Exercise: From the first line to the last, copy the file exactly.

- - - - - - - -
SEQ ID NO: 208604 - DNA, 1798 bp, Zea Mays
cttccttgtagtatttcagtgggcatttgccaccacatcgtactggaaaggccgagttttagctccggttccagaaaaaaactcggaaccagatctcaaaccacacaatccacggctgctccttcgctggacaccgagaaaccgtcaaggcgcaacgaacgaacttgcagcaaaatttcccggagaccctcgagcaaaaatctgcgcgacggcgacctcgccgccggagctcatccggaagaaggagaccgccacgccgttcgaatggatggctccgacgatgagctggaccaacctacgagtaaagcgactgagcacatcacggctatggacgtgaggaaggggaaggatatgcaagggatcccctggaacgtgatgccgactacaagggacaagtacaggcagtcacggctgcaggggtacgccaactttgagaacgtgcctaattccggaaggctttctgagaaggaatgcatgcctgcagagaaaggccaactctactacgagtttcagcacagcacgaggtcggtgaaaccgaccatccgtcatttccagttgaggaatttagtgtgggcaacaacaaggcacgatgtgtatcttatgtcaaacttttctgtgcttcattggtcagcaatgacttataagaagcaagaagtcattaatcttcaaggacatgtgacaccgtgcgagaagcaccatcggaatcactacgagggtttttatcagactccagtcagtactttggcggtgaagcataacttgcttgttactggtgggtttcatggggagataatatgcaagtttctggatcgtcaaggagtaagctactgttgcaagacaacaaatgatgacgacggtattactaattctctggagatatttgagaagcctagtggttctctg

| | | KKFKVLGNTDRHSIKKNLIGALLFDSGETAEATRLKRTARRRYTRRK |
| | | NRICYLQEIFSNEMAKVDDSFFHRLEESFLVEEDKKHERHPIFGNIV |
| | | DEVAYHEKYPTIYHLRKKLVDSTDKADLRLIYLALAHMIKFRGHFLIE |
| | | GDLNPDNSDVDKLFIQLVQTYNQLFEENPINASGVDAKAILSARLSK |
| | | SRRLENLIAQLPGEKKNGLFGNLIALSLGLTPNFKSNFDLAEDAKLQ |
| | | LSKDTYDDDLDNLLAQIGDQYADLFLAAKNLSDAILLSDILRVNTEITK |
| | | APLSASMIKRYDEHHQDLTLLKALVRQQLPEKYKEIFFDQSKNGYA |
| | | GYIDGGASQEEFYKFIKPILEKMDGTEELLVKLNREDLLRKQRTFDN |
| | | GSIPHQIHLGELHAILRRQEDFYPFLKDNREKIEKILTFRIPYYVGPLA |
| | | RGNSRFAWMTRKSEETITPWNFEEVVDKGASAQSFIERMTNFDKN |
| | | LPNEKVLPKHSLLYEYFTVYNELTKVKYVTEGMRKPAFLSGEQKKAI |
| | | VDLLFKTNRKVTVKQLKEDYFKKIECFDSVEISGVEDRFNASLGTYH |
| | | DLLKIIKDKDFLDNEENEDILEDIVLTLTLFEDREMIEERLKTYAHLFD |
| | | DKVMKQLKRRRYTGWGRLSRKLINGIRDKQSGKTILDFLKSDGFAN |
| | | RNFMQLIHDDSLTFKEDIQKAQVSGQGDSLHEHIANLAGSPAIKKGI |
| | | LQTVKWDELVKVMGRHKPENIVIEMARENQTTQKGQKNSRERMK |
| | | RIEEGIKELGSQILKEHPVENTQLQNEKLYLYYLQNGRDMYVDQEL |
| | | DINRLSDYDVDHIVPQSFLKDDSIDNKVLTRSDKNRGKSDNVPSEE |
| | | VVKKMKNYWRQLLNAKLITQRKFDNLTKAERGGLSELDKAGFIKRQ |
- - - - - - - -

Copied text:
SEQ ID NO: 208604 - DNA, 1798 bp, Zea Mays
cttccttgtagtatttcagtgggcatttgccaccacatcgtactggaaaggccgagttttagctccggttccagaaaaaaactcggaaccagatctcaaaccacacaatccacggctgctccttcgctggacaccgagaaaccgtcaaggcgcaacgaacgaacttgcagcaaaatttcccggagaccctcgagcaaaaatctgcgcgacggcgacctcgccgccggagctcatccggaagaaggagaccgccacgccgttcgaatggatggctccgacgatgagctggaccaacctacgagtaaagcgactgagcacatcacggctatggacgtgaggaaggggaaggatatgcaagggatcccctggaacgtgatgccgactacaagggacaagtacaggcagtcacggctgcaggggtacgccaactttgagaacgtgcctaattccggaaggctttctgagaaggaatgcatgcctgcagagaaaggccaactctactacgagtttcagcacagcacgaggtcggtgaaaccgaccatccgtcatttccagttgaggaatttagtgtgggcaacaacaaggcacgatgtgtatcttatgtcaaacttttctgtgcttcattggtcagcaatgacttataagaagcaagaagtcattaatcttcaaggacatgtgacaccgtgcgagaagcaccatcggaatcactacgagggtttttatcagactccagtcagtactttggcggtgaagcataacttgcttgttactggtgggtttcatggggagataatatgcaagtttctggatcgtcaaggagtaagctactgttgcaagacaacaaatgatgacgacggtattactaattctctggagatatttgagaagcctagtggttctctg

| | | KKFKVLGNTDRHSIKKNLIGALLFDSGETAEATRLKRTARRRYTRRK |
| | | NRICYLQEIFSNEMAKVDDSFFHRLEESFLVEEDKKHERHPIFGNIV |
| | | DEVAYHEKYPTIYHLRKKLVDSTDKADLRLIYLALAHMIKFRGHFLIE |
| | | GDLNPDNSDVDKLFIQLVQTYNQLFEENPINASGVDAKAILSARLSK |
| | | SRRLENLIAQLPGEKKNGLFGNLIALSLGLTPNFKSNFDLAEDAKLQ |
| | | LSKDTYDDDLDNLLAQIGDQYADLFLAAKNLSDAILLSDILRVNTEITK |
| | | APLSASMIKRYDEHHQDLTLLKALVRQQLPEKYKEIFFDQSKNGYA |
| | | GYIDGGASQEEFYKFIKPILEKMDGTEELLVKLNREDLLRKQRTFDN |
| | | GSIPHQIHLGELHAILRRQEDFYPFLKDNREKIEKILTFRIPYYVGPLA |
| | | RGNSRFAWMTRKSEETITPWNFEEVVDKGASAQSFIERMTNFDKN |
| | | LPNEKVLPKHSLLYEYFTVYNELTKVKYVTEGMRKPAFLSGEQKKAI |
| | | VDLLFKTNRKVTVKQLKEDYFKKIECFDSVEISGVEDRFNASLGTYH |
| | | DLLKIIKDKDFLDNEENEDILEDIVLTLTLFEDREMIEERLKTYAHLFD |
| | | DKVMKQLKRRRYTGWGRLSRKLINGIRDKQSGKTILDFLKSDGFAN |
| | | RNFMQLIHDDSLTFKEDIQKAQVSGQGDSLHEHIANLAGSPAIKKGI |
| | | LQTVKWDELVKVMGRHKPENIVIEMARENQTTQKGQKNSRERMK |
| | | RIEEGIKELGSQILKEHPVENTQLQNEKLYLYYLQNGRDMYVDQEL |
| | | DINRLSDYDVDHIVPQSFLKDDSIDNKVLTRSDKNRGKSDNVPSEE |
| | | VVKKMKNYWRQLLNAKLITQRKFDNLTKAERGGLSELDKAGFIKRQ |